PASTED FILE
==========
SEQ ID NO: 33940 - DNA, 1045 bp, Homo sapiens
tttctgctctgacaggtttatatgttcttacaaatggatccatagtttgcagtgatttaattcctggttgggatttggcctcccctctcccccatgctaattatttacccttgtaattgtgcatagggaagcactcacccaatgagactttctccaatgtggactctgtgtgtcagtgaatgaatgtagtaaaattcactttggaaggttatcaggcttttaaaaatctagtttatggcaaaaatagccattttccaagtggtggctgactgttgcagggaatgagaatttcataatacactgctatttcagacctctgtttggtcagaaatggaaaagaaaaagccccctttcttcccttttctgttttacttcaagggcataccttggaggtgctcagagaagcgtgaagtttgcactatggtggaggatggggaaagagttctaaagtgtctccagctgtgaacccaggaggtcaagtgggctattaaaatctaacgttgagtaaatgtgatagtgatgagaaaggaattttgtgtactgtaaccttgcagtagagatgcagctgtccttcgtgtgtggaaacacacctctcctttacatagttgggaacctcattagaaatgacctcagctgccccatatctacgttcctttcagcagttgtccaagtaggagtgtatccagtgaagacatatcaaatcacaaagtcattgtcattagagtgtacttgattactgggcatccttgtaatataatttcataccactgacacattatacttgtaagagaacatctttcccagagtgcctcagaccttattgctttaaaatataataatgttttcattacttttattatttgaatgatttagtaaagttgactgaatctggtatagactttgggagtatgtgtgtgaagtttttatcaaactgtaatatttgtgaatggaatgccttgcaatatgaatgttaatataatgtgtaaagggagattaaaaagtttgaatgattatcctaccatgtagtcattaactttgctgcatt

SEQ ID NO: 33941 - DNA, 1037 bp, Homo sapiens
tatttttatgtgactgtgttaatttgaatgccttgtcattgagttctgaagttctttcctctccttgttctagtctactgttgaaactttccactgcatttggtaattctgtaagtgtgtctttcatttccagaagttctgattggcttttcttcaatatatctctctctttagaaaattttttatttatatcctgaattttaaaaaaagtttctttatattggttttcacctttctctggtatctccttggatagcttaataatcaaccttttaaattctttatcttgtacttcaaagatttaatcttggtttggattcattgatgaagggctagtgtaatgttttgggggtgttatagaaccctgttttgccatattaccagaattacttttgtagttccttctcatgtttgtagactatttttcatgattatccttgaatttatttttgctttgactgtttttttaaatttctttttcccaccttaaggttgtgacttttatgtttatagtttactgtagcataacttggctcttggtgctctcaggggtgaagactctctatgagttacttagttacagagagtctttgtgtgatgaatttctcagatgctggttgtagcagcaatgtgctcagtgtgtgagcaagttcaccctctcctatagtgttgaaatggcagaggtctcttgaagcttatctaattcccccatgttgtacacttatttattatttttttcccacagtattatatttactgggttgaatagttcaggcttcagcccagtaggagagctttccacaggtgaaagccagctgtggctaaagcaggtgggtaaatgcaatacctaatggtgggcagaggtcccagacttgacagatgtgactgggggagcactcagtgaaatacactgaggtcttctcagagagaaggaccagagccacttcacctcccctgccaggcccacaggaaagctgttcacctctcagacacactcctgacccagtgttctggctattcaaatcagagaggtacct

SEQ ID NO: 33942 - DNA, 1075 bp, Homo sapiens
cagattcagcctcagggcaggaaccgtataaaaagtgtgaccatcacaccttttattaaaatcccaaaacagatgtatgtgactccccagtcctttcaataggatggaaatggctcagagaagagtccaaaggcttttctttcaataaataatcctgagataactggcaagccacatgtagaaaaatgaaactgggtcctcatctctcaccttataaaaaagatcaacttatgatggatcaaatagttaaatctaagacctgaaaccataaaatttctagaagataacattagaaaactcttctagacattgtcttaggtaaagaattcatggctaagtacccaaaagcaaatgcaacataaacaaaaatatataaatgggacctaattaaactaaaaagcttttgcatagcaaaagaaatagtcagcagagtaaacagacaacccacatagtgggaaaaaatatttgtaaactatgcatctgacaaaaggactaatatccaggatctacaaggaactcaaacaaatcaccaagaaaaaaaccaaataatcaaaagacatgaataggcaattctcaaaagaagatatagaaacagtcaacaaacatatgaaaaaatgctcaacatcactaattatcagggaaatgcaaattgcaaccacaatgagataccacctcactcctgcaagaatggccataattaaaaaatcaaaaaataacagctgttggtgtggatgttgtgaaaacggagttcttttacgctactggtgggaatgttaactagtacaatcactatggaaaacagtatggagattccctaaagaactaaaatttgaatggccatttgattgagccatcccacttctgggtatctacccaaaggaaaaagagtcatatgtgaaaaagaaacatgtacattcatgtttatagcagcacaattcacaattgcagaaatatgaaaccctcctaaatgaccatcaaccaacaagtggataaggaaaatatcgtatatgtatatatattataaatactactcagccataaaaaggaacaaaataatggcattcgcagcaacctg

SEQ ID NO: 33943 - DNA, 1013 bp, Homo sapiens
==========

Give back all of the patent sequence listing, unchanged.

SEQ ID NO: 33940 - DNA, 1045 bp, Homo sapiens
tttctgctctgacaggtttatatgttcttacaaatggatccatagtttgcagtgatttaattcctggttgggatttggcctcccctctcccccatgctaattatttacccttgtaattgtgcatagggaagcactcacccaatgagactttctccaatgtggactctgtgtgtcagtgaatgaatgtagtaaaattcactttggaaggttatcaggcttttaaaaatctagtttatggcaaaaatagccattttccaagtggtggctgactgttgcagggaatgagaatttcataatacactgctatttcagacctctgtttggtcagaaatggaaaagaaaaagccccctttcttcccttttctgttttacttcaagggcataccttggaggtgctcagagaagcgtgaagtttgcactatggtggaggatggggaaagagttctaaagtgtctccagctgtgaacccaggaggtcaagtgggctattaaaatctaacgttgagtaaatgtgatagtgatgagaaaggaattttgtgtactgtaaccttgcagtagagatgcagctgtccttcgtgtgtggaaacacacctctcctttacatagttgggaacctcattagaaatgacctcagctgccccatatctacgttcctttcagcagttgtccaagtaggagtgtatccagtgaagacatatcaaatcacaaagtcattgtcattagagtgtacttgattactgggcatccttgtaatataatttcataccactgacacattatacttgtaagagaacatctttcccagagtgcctcagaccttattgctttaaaatataataatgttttcattacttttattatttgaatgatttagtaaagttgactgaatctggtatagactttgggagtatgtgtgtgaagtttttatcaaactgtaatatttgtgaatggaatgccttgcaatatgaatgttaatataatgtgtaaagggagattaaaaagtttgaatgattatcctaccatgtagtcattaactttgctgcatt

SEQ ID NO: 33941 - DNA, 1037 bp, Homo sapiens
tatttttatgtgactgtgttaatttgaatgccttgtcattgagttctgaagttctttcctctccttgttctagtctactgttgaaactttccactgcatttggtaattctgtaagtgtgtctttcatttccagaagttctgattggcttttcttcaatatatctctctctttagaaaattttttatttatatcctgaattttaaaaaaagtttctttatattggttttcacctttctctggtatctccttggatagcttaataatcaaccttttaaattctttatcttgtacttcaaagatttaatcttggtttggattcattgatgaagggctagtgtaatgttttgggggtgttatagaaccctgttttgccatattaccagaattacttttgtagttccttctcatgtttgtagactatttttcatgattatccttgaatttatttttgctttgactgtttttttaaatttctttttcccaccttaaggttgtgacttttatgtttatagtttactgtagcataacttggctcttggtgctctcaggggtgaagactctctatgagttacttagttacagagagtctttgtgtgatgaatttctcagatgctggttgtagcagcaatgtgctcagtgtgtgagcaagttcaccctctcctatagtgttgaaatggcagaggtctcttgaagcttatctaattcccccatgttgtacacttatttattatttttttcccacagtattatatttactgggttgaatagttcaggcttcagcccagtaggagagctttccacaggtgaaagccagctgtggctaaagcaggtgggtaaatgcaatacctaatggtgggcagaggtcccagacttgacagatgtgactgggggagcactcagtgaaatacactgaggtcttctcagagagaaggaccagagccacttcacctcccctgccaggcccacaggaaagctgttcacctctcagacacactcctgacccagtgttctggctattcaaatcagagaggtacct

SEQ ID NO: 33942 - DNA, 1075 bp, Homo sapiens
cagattcagcctcagggcaggaaccgtataaaaagtgtgaccatcacaccttttattaaaatcccaaaacagatgtatgtgactccccagtcctttcaataggatggaaatggctcagagaagagtccaaaggcttttctttcaataaataatcctgagataactggcaagccacatgtagaaaaatgaaactgggtcctcatctctcaccttataaaaaagatcaacttatgatggatcaaatagttaaatctaagacctgaaaccataaaatttctagaagataacattagaaaactcttctagacattgtcttaggtaaagaattcatggctaagtacccaaaagcaaatgcaacataaacaaaaatatataaatgggacctaattaaactaaaaagcttttgcatagcaaaagaaatagtcagcagagtaaacagacaacccacatagtgggaaaaaatatttgtaaactatgcatctgacaaaaggactaatatccaggatctacaaggaactcaaacaaatcaccaagaaaaaaaccaaataatcaaaagacatgaataggcaattctcaaaagaagatatagaaacagtcaacaaacatatgaaaaaatgctcaacatcactaattatcagggaaatgcaaattgcaaccacaatgagataccacctcactcctgcaagaatggccataattaaaaaatcaaaaaataacagctgttggtgtggatgttgtgaaaacggagttcttttacgctactggtgggaatgttaactagtacaatcactatggaaaacagtatggagattccctaaagaactaaaatttgaatggccatttgattgagccatcccacttctgggtatctacccaaaggaaaaagagtcatatgtgaaaaagaaacatgtacattcatgtttatagcagcacaattcacaattgcagaaatatgaaaccctcctaaatgaccatcaaccaacaagtggataaggaaaatatcgtatatgtatatatattataaatactactcagccataaaaaggaacaaaataatggcattcgcagcaacctg

SEQ ID NO: 33943 - DNA, 1013 bp, Homo sapiens